At the seminar, BA director of marketing and commercial development Martin George endorsed the value of British humour. He referred to BA’s latest American campaign, which plays on this by depicting British astronauts eating strawberries and watching cricket.

As BA has shown, brands can capitalise on British traits. Corporate Edge’s research shows that 91 per cent of respondents feel that the British have a good sense of humour. Fair play and creativity polled 84 per cent and 69 per cent respectively. Self-deprecation also appears to be a peculiarly British trait, with 81 per cent of respondents believing that the British are able to laugh at themselves. Hall suggests that this may indicate an inner confidence, born of a long national history.

Unsurprisingly, 77 per cent of respondents believe the British are heavy drinkers. Purveyors of perfumes, chocolates and lingerie may be saddened to note that the British do not consider themselves particularly sexy (only 45 per cent said they were) or romantic. The latter was the trait with the lowest rating, at 42 per cent.

Evolution, not revolution, seems the way forward for the forging of a new British identity – an idea very in keeping with the British character. The Spanish experience could provide a template for the future. Spain’s central government, regional governments, industry and citizens together drove forward a series of high-profile initiatives, including the World Expo in Seville, the Barcelona Olympics and the Guggenheim Museum in Bilbao. These have resulted in an increased national profile and a renewed sense of pride, in stark contrast with the UK’s Millennium Dome disaster and the failure, so far, to build a national stadium.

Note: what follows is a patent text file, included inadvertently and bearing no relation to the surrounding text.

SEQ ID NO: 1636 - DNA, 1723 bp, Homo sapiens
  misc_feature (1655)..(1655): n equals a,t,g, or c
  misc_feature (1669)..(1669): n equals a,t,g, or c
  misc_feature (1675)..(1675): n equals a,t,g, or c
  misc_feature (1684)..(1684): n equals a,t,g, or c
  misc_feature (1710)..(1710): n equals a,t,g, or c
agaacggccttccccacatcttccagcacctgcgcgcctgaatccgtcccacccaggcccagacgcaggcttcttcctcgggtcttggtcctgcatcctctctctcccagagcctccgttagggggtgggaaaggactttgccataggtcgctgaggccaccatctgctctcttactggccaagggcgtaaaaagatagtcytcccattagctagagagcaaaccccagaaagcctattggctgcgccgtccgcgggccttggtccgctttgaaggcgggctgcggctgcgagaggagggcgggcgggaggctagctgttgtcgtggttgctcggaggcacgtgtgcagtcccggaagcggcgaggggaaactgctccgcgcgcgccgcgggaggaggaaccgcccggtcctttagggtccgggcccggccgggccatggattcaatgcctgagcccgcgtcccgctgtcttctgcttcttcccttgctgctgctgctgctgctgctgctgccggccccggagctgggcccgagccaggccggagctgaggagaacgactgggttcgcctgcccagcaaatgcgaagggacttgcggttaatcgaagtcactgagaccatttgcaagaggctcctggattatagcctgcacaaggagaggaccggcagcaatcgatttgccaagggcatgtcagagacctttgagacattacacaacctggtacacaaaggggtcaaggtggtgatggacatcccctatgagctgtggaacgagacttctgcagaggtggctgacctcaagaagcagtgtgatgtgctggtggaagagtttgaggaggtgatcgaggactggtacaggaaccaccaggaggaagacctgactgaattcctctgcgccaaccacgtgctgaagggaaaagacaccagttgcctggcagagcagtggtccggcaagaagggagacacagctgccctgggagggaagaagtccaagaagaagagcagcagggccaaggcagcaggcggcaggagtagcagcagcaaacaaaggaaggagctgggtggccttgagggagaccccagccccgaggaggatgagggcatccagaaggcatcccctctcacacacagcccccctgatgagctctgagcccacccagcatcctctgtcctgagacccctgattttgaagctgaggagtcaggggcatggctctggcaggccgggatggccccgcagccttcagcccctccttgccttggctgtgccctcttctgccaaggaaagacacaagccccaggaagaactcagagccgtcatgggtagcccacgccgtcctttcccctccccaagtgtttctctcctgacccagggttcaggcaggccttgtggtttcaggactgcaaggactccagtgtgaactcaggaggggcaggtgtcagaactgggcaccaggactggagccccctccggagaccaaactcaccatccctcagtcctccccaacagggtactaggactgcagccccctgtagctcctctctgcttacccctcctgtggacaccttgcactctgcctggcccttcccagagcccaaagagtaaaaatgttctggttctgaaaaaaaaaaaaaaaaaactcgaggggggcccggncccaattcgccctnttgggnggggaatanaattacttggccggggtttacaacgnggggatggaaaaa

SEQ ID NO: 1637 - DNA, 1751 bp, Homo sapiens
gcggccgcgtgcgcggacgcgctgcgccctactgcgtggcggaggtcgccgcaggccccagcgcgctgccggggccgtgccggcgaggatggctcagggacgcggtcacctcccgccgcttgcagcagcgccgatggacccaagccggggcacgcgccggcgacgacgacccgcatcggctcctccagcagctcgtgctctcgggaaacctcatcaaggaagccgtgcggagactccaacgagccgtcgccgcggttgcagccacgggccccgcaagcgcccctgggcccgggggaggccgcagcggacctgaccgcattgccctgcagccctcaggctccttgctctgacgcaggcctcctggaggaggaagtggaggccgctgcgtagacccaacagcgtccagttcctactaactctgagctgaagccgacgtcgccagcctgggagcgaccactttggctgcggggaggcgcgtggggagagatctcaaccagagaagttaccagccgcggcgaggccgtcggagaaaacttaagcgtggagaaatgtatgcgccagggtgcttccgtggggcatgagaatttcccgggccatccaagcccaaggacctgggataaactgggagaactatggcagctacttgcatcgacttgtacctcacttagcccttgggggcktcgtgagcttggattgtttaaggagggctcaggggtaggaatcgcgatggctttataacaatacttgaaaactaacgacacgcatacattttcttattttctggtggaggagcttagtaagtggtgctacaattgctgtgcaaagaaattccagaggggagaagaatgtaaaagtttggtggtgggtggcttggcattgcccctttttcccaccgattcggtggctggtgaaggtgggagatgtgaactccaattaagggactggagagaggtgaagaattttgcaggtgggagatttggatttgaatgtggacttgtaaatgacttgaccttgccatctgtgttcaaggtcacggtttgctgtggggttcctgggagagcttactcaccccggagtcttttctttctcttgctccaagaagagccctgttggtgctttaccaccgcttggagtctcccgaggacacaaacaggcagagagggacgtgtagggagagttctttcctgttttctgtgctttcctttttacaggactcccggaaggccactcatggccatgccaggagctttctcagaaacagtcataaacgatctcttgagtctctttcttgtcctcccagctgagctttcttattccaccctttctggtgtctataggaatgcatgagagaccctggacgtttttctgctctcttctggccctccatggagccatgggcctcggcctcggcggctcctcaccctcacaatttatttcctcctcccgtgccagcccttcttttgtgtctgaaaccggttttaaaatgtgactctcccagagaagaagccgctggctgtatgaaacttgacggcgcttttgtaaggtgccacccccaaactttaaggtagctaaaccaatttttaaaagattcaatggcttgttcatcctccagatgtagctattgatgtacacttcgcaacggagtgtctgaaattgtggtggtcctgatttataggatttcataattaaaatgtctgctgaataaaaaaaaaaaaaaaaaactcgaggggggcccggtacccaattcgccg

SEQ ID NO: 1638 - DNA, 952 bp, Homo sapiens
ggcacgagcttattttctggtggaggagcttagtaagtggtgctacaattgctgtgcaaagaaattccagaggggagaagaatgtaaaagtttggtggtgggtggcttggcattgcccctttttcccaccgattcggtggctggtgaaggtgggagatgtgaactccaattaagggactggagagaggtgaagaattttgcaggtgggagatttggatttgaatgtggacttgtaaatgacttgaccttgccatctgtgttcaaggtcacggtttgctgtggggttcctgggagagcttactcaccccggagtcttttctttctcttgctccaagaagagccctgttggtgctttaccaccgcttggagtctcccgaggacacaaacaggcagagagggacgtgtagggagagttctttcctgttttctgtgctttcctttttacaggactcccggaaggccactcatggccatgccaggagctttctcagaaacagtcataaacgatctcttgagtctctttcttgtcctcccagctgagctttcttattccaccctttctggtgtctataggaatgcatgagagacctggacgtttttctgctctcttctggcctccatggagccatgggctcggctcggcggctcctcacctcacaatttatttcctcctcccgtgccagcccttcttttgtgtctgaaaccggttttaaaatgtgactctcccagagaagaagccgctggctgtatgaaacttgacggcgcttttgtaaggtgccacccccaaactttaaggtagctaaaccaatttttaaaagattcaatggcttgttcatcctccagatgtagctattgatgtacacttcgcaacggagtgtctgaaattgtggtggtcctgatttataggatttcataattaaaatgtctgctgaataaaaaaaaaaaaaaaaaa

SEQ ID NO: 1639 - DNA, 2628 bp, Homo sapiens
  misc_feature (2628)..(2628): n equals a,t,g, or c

<b>THE TOP FIVE BRITISH AMBASSADORS (Based on quantitative and qualitative research) </b> 1. Prince William 2. Billy Connolly 3. John Cleese 4. Eddie Izzard 5. Tony Blair

THE TOP FIVE BRITISH AMBASSADORS (Based on quantitative and qualitative research)

<b>THE TOP TEN BRANDS THAT IDEALLY SHOULD REPRESENT BRITAIN IN FUTURE (Based on quantitative and qualitative research) </b> 1. Virgin 2. Cadbury 3. Dyson 4. Marmite 5. The Body Shop 6. fcuk 7. Patrick Cox wannabe 8. Dr.Martens 9. FHM 10. Reebok

THE TOP TEN BRANDS THAT IDEALLY SHOULD REPRESENT BRITAIN IN FUTURE (Based on quantitative and qualitative research)